Importers and exporters are facing a rapidly disintegrating container shipping market, as the ocean shipping line’s deployed capacity, fails to keep pace with the returning consumer and business demands which is causing freight rates, to escalate beyond reach of many importers or exporters.
The WHY behind the current rate increases
- Capacity deployed globally by shipping lines has fallen far short of the market demand.
- The average costs of moving a container for shipping lines has barely changed over the past 18 months, whereas global average revenue earned per container has doubled over the same period.
- New analysis of the market shares of shipping lines operating in Consortia on the Far East & Europe trades, shows an unhealthy concentration of market power and the market share is far in excess, of the levels at which the concessions of the EU Consortia Block Exemption Regulation apply.
What’s is NOW at Stake
Is the solvency of thousands of SMEs banking on the coming peak season to help get them through the Covid Crisis?
- Governments need to look closer and harder at a shipping market that is NOW out of control.
The Current Market Commentary
Mike Garratt, Chairman of MDS Trans modal, said: “Global levels of container traffic grew again in Q2 2021 to reach record levels but have still not yet quite recovered to the level that trends implied 3 years ago, when lines reduced their level of new buildings.
Capacity shares based on vessel sharing agreements (or consortia) in some key markets now exceed 40%.
This high level of consolidation has the benefit of enabling lines to adjust capacity allocation in line with changing demand but, combined with the resulting very high levels of utilization, have allowed freight rates to remain at historically unprecedented levels and imply that some potential freight may be being suppressed.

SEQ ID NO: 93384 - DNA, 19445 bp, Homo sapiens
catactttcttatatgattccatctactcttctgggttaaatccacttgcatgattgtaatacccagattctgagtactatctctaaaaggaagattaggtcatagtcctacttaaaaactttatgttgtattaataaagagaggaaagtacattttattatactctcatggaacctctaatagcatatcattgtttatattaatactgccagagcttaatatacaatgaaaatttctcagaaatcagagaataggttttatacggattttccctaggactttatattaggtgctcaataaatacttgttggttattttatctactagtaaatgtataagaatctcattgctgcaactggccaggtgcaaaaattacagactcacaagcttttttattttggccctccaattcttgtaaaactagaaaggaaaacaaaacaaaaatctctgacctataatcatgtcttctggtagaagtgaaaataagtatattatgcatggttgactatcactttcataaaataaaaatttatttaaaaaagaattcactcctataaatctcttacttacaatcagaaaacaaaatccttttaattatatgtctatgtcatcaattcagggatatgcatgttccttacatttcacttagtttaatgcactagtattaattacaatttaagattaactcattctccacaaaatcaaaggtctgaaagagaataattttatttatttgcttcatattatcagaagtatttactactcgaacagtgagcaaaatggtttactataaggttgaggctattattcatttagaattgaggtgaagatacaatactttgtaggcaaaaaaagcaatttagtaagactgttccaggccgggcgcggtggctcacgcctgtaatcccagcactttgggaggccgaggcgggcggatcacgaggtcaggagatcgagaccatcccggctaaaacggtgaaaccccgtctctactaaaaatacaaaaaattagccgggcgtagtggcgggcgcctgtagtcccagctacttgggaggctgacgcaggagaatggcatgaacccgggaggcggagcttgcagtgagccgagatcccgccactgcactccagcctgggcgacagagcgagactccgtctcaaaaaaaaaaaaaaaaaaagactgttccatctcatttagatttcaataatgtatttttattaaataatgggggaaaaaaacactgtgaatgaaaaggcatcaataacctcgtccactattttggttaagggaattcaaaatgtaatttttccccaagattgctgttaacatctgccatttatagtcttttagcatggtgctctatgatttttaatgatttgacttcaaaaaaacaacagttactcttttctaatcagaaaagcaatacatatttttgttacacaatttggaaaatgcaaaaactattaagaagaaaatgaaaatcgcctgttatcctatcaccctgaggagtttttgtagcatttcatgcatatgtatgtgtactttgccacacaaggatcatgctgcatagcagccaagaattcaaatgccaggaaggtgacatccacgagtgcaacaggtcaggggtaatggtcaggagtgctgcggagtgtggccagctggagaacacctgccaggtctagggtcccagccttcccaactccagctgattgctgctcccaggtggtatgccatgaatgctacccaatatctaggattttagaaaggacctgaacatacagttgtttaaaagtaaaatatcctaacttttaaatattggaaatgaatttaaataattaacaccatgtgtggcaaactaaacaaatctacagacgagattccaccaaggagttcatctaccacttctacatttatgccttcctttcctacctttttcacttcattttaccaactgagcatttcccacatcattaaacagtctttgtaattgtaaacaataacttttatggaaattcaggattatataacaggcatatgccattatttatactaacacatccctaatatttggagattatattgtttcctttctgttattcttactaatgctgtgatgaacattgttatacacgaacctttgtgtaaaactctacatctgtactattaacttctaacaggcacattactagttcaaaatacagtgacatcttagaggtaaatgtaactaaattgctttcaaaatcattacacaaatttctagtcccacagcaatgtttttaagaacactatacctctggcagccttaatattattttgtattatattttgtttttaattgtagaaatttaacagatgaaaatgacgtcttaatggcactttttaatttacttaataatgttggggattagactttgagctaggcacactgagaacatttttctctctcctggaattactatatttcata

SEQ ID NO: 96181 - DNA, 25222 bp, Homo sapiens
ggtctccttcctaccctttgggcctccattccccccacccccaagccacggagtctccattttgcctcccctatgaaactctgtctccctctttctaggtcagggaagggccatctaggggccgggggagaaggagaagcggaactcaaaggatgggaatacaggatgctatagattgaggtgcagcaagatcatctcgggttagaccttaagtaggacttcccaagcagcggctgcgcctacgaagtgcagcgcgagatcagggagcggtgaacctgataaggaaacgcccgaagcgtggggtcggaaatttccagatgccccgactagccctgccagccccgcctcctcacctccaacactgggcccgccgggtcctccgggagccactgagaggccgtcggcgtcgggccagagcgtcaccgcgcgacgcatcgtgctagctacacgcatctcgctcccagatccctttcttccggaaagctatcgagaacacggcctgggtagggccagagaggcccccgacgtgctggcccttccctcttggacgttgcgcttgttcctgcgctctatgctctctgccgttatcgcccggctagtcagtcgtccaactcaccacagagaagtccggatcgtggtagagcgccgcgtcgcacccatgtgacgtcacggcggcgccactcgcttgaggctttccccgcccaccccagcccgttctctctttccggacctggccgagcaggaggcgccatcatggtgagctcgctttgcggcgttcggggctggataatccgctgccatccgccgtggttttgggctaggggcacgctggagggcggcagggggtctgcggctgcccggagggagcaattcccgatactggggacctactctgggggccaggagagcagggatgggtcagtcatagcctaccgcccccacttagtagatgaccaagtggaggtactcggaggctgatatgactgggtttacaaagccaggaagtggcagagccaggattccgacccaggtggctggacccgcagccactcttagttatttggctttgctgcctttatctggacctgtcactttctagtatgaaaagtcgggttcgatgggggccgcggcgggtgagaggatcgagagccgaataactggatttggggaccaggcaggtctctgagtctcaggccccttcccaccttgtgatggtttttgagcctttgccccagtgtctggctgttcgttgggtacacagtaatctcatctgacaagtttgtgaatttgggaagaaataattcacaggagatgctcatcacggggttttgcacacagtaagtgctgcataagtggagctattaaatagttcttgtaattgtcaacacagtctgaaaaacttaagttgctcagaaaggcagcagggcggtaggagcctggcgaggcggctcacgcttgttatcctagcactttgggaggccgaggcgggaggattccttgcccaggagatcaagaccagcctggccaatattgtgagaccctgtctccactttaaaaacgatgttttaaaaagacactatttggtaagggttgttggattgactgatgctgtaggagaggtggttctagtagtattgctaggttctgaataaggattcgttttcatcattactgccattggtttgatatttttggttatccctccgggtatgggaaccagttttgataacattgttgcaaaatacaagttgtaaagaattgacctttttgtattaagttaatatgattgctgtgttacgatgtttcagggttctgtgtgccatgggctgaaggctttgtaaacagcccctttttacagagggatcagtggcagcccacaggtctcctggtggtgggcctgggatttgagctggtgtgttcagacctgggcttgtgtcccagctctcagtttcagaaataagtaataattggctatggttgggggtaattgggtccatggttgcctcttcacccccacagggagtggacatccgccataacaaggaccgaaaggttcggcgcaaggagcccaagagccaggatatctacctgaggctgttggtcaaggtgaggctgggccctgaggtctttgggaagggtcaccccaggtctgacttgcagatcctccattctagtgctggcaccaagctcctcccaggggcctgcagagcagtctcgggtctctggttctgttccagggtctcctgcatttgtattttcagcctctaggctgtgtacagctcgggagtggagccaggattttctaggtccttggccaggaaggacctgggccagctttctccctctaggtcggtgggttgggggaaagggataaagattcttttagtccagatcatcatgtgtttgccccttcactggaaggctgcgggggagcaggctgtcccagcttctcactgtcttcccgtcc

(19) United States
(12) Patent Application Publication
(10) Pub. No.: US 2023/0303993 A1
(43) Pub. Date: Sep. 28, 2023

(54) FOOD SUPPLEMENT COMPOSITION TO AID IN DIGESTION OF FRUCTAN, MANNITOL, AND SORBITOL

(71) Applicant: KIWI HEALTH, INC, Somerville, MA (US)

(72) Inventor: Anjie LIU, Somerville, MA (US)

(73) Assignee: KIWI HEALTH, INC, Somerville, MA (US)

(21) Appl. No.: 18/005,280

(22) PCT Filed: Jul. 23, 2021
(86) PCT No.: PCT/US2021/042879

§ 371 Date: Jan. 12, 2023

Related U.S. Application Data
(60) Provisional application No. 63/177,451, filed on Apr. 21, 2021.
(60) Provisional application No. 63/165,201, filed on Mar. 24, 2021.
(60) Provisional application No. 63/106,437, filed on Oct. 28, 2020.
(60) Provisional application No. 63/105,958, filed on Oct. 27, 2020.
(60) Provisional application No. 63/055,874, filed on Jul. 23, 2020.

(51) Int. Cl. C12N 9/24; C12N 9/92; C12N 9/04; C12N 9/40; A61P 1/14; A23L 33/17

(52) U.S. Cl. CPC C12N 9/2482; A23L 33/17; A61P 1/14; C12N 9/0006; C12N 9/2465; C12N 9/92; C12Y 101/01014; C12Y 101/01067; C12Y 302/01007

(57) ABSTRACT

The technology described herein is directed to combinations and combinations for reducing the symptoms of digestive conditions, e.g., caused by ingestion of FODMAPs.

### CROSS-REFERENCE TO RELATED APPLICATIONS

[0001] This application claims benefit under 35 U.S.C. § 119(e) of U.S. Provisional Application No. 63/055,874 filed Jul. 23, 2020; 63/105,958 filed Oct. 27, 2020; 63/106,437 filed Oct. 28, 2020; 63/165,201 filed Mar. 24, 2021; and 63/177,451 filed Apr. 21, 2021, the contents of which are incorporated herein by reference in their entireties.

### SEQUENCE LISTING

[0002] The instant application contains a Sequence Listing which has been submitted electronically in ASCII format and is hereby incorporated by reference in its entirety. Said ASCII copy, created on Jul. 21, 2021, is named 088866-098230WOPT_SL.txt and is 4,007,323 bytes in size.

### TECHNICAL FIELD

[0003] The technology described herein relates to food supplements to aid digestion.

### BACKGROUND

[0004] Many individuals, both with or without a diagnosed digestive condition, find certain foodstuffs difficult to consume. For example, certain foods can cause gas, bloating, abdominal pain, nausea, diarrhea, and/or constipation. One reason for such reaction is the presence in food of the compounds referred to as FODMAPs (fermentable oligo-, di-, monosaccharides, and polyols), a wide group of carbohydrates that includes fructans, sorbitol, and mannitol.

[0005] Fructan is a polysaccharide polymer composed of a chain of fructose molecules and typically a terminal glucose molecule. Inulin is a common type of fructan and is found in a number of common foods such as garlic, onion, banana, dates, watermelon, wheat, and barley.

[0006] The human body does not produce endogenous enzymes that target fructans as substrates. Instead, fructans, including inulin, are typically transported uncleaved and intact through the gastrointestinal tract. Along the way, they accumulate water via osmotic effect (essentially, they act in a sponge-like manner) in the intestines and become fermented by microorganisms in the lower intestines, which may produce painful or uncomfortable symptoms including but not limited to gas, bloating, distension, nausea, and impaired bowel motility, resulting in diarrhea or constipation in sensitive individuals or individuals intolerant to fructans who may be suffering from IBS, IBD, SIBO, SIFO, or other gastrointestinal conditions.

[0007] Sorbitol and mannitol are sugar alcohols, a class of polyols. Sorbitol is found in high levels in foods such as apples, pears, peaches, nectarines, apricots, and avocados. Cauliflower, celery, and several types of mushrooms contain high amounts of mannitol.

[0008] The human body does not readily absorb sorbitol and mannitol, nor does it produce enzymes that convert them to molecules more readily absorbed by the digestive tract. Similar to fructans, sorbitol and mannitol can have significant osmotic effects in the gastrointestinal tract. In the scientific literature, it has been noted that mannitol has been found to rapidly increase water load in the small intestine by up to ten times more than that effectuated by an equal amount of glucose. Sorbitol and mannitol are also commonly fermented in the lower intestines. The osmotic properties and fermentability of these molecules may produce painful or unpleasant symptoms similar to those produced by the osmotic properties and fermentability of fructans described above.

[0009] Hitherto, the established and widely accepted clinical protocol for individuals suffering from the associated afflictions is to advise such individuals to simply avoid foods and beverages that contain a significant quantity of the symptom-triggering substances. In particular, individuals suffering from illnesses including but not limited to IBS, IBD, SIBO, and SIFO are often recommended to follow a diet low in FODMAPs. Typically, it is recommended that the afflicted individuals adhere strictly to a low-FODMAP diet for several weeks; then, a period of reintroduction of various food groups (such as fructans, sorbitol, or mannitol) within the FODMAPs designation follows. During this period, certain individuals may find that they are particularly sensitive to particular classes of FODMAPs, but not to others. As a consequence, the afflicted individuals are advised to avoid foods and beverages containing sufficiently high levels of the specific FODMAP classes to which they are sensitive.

Performance indicators, including skipped ports, continue to compare poorly with pre-pandemic levels.”
James Hookham, Director of the Global Shippers Forum said “Importers and exporters are facing a meltdown of the container shipping market, with rates in the stratosphere, slots up for auction and service performance in the trash. The prospects for the coming peak season look grim”.
This was the quarter that the impacts of the Ever Given’s closure of the Suez Canal was felt on schedules and port calls in Europe, North Africa and North America, but the effects are barely discernible in a globally consistent picture of rising rates, declining service and ships sailing at close to their maximum capacity.
James Hookham continued: “What none of the industry metrics show are the huge numbers of shipments that are NOT being moved – the boxes left on the quay, stacked in the terminal or stockpiled in export warehouses awaiting a slot. Getting these goods to market will be the difference between economic recovery and empty shelves and consumer price inflation.”
Carrier profitability in the meantime is soaring and the Review shows the continued growth of the average earnings per container carried (average unit revenue, blue lines) compared to the unit costs of carrying that container (yellow lines), which have barely changed over the course of the past 18 months. Globally, carriers are earning more than twice per container than at the start of the pandemic.
Examination of impacts on Australian commerce as a result of international shipping practices and a lead on associated reforms must be driven by an independent Federal Government review – clearly action is required to ensure Australia achieves a sustainable economic recovery